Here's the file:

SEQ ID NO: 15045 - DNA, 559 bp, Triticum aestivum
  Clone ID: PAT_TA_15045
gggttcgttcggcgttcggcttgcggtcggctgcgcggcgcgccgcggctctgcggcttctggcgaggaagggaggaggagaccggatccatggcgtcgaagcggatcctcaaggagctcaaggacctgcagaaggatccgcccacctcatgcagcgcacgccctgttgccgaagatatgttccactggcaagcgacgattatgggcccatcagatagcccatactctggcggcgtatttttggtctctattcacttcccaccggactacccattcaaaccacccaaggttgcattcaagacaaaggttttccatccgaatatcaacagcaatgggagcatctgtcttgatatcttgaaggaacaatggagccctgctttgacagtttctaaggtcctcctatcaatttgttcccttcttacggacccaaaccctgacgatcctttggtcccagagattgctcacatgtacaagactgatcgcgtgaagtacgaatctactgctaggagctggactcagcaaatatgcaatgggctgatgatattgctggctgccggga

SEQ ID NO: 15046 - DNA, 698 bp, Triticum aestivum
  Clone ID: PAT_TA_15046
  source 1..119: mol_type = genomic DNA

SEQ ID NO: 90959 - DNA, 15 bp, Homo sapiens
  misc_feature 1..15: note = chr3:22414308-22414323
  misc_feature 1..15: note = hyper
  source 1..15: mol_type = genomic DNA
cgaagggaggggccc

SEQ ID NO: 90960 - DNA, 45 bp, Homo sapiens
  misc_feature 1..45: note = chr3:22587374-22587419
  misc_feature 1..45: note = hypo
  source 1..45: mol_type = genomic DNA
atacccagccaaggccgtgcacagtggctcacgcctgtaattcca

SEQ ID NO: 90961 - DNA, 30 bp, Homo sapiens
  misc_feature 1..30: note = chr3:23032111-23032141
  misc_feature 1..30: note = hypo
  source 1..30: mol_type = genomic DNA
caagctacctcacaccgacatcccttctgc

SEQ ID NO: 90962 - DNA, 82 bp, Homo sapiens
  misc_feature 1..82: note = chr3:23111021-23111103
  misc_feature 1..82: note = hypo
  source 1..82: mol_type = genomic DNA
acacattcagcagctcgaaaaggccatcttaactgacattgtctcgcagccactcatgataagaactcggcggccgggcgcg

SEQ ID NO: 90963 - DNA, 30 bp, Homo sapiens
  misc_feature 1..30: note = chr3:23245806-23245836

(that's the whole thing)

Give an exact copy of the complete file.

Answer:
SEQ ID NO: 15045 - DNA, 559 bp, Triticum aestivum
  Clone ID: PAT_TA_15045
gggttcgttcggcgttcggcttgcggtcggctgcgcggcgcgccgcggctctgcggcttctggcgaggaagggaggaggagaccggatccatggcgtcgaagcggatcctcaaggagctcaaggacctgcagaaggatccgcccacctcatgcagcgcacgccctgttgccgaagatatgttccactggcaagcgacgattatgggcccatcagatagcccatactctggcggcgtatttttggtctctattcacttcccaccggactacccattcaaaccacccaaggttgcattcaagacaaaggttttccatccgaatatcaacagcaatgggagcatctgtcttgatatcttgaaggaacaatggagccctgctttgacagtttctaaggtcctcctatcaatttgttcccttcttacggacccaaaccctgacgatcctttggtcccagagattgctcacatgtacaagactgatcgcgtgaagtacgaatctactgctaggagctggactcagcaaatatgcaatgggctgatgatattgctggctgccggga

SEQ ID NO: 15046 - DNA, 698 bp, Triticum aestivum
  Clone ID: PAT_TA_15046
  source 1..119: mol_type = genomic DNA

SEQ ID NO: 90959 - DNA, 15 bp, Homo sapiens
  misc_feature 1..15: note = chr3:22414308-22414323
  misc_feature 1..15: note = hyper
  source 1..15: mol_type = genomic DNA
cgaagggaggggccc

SEQ ID NO: 90960 - DNA, 45 bp, Homo sapiens
  misc_feature 1..45: note = chr3:22587374-22587419
  misc_feature 1..45: note = hypo
  source 1..45: mol_type = genomic DNA
atacccagccaaggccgtgcacagtggctcacgcctgtaattcca

SEQ ID NO: 90961 - DNA, 30 bp, Homo sapiens
  misc_feature 1..30: note = chr3:23032111-23032141
  misc_feature 1..30: note = hypo
  source 1..30: mol_type = genomic DNA
caagctacctcacaccgacatcccttctgc

SEQ ID NO: 90962 - DNA, 82 bp, Homo sapiens
  misc_feature 1..82: note = chr3:23111021-23111103
  misc_feature 1..82: note = hypo
  source 1..82: mol_type = genomic DNA
acacattcagcagctcgaaaaggccatcttaactgacattgtctcgcagccactcatgataagaactcggcggccgggcgcg

SEQ ID NO: 90963 - DNA, 30 bp, Homo sapiens
  misc_feature 1..30: note = chr3:23245806-23245836